Bamburgh was originally known as Bebbanburg, and is still dominated by the castle (the current version is of course much newer, but there has been a castle there since at least the seventh century – it was an important fortress in Anglo-Saxon times. It is at the heart of Bernard Cornwell’sUhtred of Bebbanburg‘ series of historical novels, set in Anglo-Saxon times, and also features in Matthew Harffy’sBernicia Chronicles‘, set at a similar time. Cornwell claims to a be a direct descendant of the last family to have privately owned the castle.

ST AIDAN’S CHURCH

In my previous post I mentioned the importance of St Aidan to the religious history of the northeast of England, and it is entirely appropriate that the second most significant place in Bamburgh to the mighty castle that overshadows it is a large church dedicated to this saint. There is a very impressive monument to Grace Darling, who saved a group of Scottish sailors from death by drowning (like the RNLI today she concentrated on saving their lives, without unduly concerning herself with their background – some of the criticisms aimed at the RNLI because it strictly obeys the law of the sea disgust me), the church itself contains features of interest, and the crypt well repays a visit (there is a brief movie to watch while you are down there).

THE CASTLE

By the time we reached the base of the castle I was feeling very tired, and decided to sit on a bench, photographing the castle and other features of interest rather than climb up the hill for a really close look. Even from the width of cricket ground the castle is a massively impressive site, covering the entire summit of a quite substantial hill.

PHOTOGRAPHS

Bamburgh yielded some fine photographs:

A Long Weekend 6: Lindisfarne Castle

Completing my account of the visit to Holy Island, part of a series of posts I am doing about my long weekend of 14-17 August.

Welcome to this latest post in my series about my long weekend doing family things. In the previous post I covered up to the entrance to Lindisfarne Castle. In this post I take the story up to our departure from Holy Island.

LINDISFARNE CASTLE

Somewhat surprisingly for a castle, even one completely redesigned in the early 20th century, the rooms are all quite small. There are a couple of decent videos along the way round, and the views from the upper gun battery are stunning.

THE REST OF HOLY ISLAND

Having finished at the castle we walked back by way of some of the older remains, including the foundations of the earliest religious building on the island (dates from the seventh century – St Aidan, who arrived in that part of the world in the year 635 is credited with bringing Christianity to what is now the northeast of England – nb ‘Englaland’, the predecessor term to England, was not used before the early tenth century). We stopped for refreshments at The Manor House hotel, which served some good local beers. The chips were better than they originally looked, and the whitebait were excellent. After leaving Holy Island we headed for Bamburgh, which forms the subject of the next post in this series.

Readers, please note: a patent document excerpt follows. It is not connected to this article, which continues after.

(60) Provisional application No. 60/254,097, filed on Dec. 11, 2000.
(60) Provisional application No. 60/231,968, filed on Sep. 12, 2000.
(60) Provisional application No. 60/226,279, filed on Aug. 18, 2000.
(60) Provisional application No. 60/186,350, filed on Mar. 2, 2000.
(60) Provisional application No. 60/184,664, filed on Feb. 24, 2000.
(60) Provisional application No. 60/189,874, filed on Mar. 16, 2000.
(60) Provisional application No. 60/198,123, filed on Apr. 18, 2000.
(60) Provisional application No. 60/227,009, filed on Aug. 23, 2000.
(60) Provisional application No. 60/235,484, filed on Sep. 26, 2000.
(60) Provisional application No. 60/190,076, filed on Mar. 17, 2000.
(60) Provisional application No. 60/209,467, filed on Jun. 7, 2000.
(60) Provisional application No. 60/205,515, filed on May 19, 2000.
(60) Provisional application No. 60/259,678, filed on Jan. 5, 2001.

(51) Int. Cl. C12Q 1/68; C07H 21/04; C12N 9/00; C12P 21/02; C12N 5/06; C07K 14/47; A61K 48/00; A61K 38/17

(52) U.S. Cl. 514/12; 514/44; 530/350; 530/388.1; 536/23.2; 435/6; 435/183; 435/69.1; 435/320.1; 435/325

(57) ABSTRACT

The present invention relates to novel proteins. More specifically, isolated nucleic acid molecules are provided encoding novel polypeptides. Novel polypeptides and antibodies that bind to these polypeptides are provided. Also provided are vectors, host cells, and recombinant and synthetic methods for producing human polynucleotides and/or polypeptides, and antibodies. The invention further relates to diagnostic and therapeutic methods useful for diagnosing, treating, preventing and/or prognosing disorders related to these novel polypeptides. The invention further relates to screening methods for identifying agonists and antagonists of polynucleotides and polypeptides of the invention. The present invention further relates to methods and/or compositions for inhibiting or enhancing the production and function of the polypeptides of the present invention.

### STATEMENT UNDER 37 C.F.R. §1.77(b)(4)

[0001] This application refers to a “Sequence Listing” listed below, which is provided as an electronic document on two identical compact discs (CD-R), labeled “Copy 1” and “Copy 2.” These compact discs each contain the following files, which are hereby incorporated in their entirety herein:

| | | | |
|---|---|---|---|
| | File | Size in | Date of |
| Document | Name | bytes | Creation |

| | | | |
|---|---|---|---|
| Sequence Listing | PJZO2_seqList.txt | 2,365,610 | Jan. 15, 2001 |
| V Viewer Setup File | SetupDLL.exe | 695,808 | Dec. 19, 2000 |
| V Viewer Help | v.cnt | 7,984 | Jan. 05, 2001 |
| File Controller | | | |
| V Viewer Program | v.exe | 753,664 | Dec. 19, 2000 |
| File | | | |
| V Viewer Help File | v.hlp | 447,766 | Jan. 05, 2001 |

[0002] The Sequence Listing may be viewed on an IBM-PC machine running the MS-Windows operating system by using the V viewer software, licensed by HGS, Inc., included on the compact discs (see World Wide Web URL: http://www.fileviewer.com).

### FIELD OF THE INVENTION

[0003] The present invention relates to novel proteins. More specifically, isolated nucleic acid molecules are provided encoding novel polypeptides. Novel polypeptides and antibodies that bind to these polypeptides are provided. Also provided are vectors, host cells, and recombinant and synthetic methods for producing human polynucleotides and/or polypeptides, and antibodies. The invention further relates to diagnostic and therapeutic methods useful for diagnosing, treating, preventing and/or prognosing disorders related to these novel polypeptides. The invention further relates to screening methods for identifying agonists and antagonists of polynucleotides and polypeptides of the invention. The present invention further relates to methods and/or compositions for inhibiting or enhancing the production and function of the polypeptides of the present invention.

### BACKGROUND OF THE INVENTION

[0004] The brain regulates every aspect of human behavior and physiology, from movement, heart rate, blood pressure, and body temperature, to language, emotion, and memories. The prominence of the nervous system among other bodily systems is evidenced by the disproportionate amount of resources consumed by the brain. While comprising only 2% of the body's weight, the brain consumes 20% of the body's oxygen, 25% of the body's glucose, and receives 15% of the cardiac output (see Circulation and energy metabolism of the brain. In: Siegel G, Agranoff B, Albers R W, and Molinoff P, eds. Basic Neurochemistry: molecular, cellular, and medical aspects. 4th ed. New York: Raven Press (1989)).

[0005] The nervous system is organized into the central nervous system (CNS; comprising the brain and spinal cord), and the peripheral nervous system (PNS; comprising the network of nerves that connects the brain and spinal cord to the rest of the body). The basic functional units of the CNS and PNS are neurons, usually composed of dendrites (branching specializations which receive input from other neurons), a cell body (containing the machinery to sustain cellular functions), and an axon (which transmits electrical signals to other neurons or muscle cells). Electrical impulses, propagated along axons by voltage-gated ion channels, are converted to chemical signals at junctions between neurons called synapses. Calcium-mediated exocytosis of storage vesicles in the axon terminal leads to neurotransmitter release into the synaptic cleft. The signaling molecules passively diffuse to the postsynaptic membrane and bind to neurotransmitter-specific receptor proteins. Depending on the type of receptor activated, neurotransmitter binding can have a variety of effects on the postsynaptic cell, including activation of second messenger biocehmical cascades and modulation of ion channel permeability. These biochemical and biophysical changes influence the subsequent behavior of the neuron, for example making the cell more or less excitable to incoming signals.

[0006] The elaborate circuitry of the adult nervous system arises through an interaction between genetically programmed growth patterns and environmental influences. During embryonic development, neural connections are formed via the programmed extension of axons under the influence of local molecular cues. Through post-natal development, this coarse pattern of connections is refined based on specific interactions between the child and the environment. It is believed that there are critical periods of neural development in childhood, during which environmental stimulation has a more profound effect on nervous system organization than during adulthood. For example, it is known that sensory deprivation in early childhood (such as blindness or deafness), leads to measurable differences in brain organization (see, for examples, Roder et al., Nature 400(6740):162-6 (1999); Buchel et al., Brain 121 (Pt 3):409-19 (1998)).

PHOTOGRAPHS

Here are some pictures from the closing stages of our visit to Holy Island…

A Long Weekend 4: Arriving On Lindisfarne

The first pf several posts about Lindisfarne.

Welcome to the next post in my series on my long weekend away (14-17 August). This post is the first of several I shall be putting up about Lindisfarne, also known as Holy Island. This remarkable islands sits just of the coast of Northumberland – it is linked to the mainland by a causeway which is usable for some of each day.

GETTING THERE

Coming from our location getting on to the approach to the causeway required getting across the A1, and the junction in question has no traffic lights, which means that it takes a considerable time to get across. We then had a further substantial wait before being able to cross the causeway.

STARTING TO EXPLORE

We started with some general stuff about the island, its history and the wildlife to which it is home. We then headed in the direction of the castle, which in its current incarnation is modern, having been redesigned by Lutyens. There is also a walled garden which was designed and laid out by Gertrude Jekyll.

PHOTOGRAPHS

Here are some photographs from the early part of our explorations of this island:

Italy 2020 – Villa D’Este

A look at Villa D’Este as I continue my account of my Italian holiday.

Welcome to the latest post in the series I am doing about my recent Italian holiday (2-11 November). This post deals with the second part of the final Thursday, and will be dominated by photographs.

TIVOLI’S THIRD GREAT ATTRACTION

After being shown the hidden treasures of the Villa Sant’Antonio we headed into central Tivoli for a look at the Villa D’Este, the third major attraction in that part of the world (I featured Villa Adriana and Villa Gregoriana in earlier posts in this series). This villa is still in good c0ndition and also has extensive grounds, although I did not see much of those because I was worried about climbing back up from a longish descent. However, I saw enough to be extremely impressed.